7. Zacaroli J rejected the contention that the subjective intentions of the landlord have a part to play in the construction process, saying at -:
As was emphasised by the House of Lords in Mannai on numerous occasions, construction, even of a unilateral notice, is an objective process: what matters is what the Notice would be understood to mean to the reasonable recipient. In answering that question, I regard the Landlord’s subjective intention as irrelevant. I accept that the Landlord’s actual knowledge (or, more importantly, what the reasonable recipient would have known as to the Landlord’s actual knowledge) is a relevant factor. It is a relevant part of the context. In this case, it provides an obvious explanation for why the Landlord addressed the Notice to Mr Thomas and demonstrates how and why it contains an obvious error. That is relevant to the conclusion the reasonable recipient would reach, that the landlord intended to serve it on the person who was in fact the tenant, but mistakenly identified Mr Thomas as that person.
8. At  Zacaroli J rejected the submission that this was to fall into the trap of the extreme argument rejected by Lord Steyn in Mannai (at 773B-C): “that whenever a notice to determine refers to a break clause, and whatever the other circumstances of the case, the notice must be valid.”
Rather, the Judge’s approach (and the claimants’ argument on this appeal) is an orthodox application of the test as expressed by Goulding J in Carradine Properties Ltd v Aslam (approved by both Lord Steyn and Lord Hoffmann in Mannai): the Notice was quite clear to a reasonable tenant reading it, in that it would be obvious that it was intended to be addressed to the Company because it was the Company alone that met the description of the person holding the Land under the Lease from Mr Owen. It is plain, in my judgment, that the reasonable recipient could not have been misled by the Notice.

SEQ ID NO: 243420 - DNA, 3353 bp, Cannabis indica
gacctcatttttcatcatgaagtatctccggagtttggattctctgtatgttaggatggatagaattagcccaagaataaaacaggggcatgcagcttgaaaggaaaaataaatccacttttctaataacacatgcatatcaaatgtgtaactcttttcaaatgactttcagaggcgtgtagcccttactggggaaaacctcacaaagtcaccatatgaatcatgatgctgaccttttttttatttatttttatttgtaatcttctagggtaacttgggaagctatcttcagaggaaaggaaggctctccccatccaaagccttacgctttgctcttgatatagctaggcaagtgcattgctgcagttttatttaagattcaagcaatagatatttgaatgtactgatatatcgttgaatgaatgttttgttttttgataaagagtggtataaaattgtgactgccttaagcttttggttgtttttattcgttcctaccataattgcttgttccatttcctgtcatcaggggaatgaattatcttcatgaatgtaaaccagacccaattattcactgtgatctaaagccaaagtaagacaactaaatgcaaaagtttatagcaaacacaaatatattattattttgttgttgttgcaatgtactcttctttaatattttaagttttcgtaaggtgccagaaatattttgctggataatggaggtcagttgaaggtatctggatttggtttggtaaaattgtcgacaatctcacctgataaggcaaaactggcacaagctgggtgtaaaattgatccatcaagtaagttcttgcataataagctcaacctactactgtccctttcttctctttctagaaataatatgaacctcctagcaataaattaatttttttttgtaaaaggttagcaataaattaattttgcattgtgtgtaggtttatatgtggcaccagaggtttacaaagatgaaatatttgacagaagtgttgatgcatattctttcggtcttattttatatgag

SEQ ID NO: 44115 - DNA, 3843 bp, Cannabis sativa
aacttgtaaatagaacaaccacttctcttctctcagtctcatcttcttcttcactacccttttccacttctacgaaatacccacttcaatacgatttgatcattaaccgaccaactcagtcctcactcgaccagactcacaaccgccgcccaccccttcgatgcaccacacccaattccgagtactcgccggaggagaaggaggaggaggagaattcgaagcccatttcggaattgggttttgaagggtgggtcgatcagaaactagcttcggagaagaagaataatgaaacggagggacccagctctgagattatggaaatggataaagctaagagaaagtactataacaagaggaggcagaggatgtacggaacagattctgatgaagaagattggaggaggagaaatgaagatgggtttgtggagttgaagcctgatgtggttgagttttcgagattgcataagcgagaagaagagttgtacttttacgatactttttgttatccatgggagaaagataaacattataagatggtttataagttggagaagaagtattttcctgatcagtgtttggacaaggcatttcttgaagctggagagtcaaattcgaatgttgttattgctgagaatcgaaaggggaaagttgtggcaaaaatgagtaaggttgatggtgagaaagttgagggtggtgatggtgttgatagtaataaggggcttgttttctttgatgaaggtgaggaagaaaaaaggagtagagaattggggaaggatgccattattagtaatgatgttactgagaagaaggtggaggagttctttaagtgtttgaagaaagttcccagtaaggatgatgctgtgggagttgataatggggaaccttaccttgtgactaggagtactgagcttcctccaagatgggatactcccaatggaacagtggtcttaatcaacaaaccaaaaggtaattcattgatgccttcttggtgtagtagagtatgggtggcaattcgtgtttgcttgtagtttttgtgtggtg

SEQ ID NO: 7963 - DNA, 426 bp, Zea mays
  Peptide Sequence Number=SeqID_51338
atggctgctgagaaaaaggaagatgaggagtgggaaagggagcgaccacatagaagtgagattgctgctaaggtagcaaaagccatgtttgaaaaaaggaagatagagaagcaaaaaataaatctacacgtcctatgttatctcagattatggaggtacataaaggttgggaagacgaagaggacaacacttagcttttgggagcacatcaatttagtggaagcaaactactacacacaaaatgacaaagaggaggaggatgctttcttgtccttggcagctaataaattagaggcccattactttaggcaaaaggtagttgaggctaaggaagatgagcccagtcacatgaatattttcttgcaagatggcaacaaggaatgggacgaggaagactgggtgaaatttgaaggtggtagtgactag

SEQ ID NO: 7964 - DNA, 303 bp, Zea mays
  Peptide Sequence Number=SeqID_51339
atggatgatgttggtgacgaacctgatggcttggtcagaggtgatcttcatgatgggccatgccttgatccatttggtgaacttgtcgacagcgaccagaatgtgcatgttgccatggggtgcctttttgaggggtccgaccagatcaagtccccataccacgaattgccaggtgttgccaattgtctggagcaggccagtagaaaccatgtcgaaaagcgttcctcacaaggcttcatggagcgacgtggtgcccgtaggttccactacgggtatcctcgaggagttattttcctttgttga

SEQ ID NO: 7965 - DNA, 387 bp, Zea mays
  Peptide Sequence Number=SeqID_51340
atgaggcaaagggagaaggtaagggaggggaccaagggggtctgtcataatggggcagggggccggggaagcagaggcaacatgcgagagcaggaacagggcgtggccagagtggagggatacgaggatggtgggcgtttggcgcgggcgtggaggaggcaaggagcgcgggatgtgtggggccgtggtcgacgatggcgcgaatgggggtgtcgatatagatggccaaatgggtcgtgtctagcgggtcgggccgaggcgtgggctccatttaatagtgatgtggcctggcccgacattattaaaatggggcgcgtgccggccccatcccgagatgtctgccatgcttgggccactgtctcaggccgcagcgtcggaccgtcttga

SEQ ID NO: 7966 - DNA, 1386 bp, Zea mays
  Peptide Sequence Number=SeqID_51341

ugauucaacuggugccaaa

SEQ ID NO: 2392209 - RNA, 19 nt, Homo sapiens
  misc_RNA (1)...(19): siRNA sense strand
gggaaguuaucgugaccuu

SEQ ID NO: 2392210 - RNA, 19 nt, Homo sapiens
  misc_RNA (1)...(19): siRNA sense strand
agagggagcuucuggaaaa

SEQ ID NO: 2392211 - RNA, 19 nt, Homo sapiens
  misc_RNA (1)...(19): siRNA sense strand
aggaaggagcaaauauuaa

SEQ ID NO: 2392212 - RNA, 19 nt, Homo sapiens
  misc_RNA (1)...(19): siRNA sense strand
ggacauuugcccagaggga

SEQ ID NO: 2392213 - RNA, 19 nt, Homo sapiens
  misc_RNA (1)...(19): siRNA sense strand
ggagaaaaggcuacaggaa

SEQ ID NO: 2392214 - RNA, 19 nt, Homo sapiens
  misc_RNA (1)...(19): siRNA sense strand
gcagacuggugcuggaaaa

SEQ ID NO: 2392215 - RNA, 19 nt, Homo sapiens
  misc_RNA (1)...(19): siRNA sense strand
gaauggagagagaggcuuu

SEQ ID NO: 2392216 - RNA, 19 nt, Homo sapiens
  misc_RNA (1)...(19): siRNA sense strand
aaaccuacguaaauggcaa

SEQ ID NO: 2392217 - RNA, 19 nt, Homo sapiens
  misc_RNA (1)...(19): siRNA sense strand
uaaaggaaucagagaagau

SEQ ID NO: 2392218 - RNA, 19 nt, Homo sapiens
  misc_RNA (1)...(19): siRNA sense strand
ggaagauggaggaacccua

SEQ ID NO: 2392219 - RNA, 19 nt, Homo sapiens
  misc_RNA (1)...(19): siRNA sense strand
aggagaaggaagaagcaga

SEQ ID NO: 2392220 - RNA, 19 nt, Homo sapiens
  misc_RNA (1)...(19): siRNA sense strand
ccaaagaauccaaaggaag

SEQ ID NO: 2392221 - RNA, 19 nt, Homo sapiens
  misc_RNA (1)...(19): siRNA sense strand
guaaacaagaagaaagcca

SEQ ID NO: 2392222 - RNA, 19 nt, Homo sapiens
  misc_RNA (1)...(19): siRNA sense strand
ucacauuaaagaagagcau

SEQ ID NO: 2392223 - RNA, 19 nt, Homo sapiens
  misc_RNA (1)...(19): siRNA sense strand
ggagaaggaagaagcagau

9. Having reached that conclusion it was unnecessary for Zacaroli J to address the arguments raised by the respondent’s notice, namely that, assuming that the notice to quit was correctly construed as being addressed to Mr Thomas, section 93 of the 1986 Act saved the notice because it was addressed to the company secretary and to the person responsible for the farming of the land on behalf of the company tenant.
10. The facts of this case are unusual, not least the omission to serve a counter-notice, but the message to take away is that, in cases of any doubt a notice to quit should be addressed to ‘the tenant’ or to the named person believed to be the tenant ‘or such other person who is the tenant’.